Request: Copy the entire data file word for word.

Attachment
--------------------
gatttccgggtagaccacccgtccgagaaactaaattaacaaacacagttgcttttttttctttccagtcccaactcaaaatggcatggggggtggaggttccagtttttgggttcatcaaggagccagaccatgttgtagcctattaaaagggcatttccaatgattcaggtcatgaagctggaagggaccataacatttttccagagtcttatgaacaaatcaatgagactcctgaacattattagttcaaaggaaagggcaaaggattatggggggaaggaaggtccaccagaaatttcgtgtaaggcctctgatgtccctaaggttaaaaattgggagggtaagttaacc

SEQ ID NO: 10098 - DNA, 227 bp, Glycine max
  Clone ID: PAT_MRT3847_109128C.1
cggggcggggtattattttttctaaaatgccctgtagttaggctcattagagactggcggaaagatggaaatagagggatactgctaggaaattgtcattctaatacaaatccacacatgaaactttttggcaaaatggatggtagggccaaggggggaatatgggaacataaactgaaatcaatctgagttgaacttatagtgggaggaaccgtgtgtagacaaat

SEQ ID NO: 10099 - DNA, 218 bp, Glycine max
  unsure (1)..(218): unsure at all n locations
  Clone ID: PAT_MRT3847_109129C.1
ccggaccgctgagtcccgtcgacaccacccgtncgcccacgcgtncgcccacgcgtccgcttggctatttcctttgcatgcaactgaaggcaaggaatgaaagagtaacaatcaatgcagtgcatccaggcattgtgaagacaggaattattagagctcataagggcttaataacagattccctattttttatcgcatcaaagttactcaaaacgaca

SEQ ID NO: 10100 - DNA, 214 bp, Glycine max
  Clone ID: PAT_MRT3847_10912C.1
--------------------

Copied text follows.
gatttccgggtagaccacccgtccgagaaactaaattaacaaacacagttgcttttttttctttccagtcccaactcaaaatggcatggggggtggaggttccagtttttgggttcatcaaggagccagaccatgttgtagcctattaaaagggcatttccaatgattcaggtcatgaagctggaagggaccataacatttttccagagtcttatgaacaaatcaatgagactcctgaacattattagttcaaaggaaagggcaaaggattatggggggaaggaaggtccaccagaaatttcgtgtaaggcctctgatgtccctaaggttaaaaattgggagggtaagttaacc

SEQ ID NO: 10098 - DNA, 227 bp, Glycine max
  Clone ID: PAT_MRT3847_109128C.1
cggggcggggtattattttttctaaaatgccctgtagttaggctcattagagactggcggaaagatggaaatagagggatactgctaggaaattgtcattctaatacaaatccacacatgaaactttttggcaaaatggatggtagggccaaggggggaatatgggaacataaactgaaatcaatctgagttgaacttatagtgggaggaaccgtgtgtagacaaat

SEQ ID NO: 10099 - DNA, 218 bp, Glycine max
  unsure (1)..(218): unsure at all n locations
  Clone ID: PAT_MRT3847_109129C.1
ccggaccgctgagtcccgtcgacaccacccgtncgcccacgcgtncgcccacgcgtccgcttggctatttcctttgcatgcaactgaaggcaaggaatgaaagagtaacaatcaatgcagtgcatccaggcattgtgaagacaggaattattagagctcataagggcttaataacagattccctattttttatcgcatcaaagttactcaaaacgaca

SEQ ID NO: 10100 - DNA, 214 bp, Glycine max
  Clone ID: PAT_MRT3847_10912C.1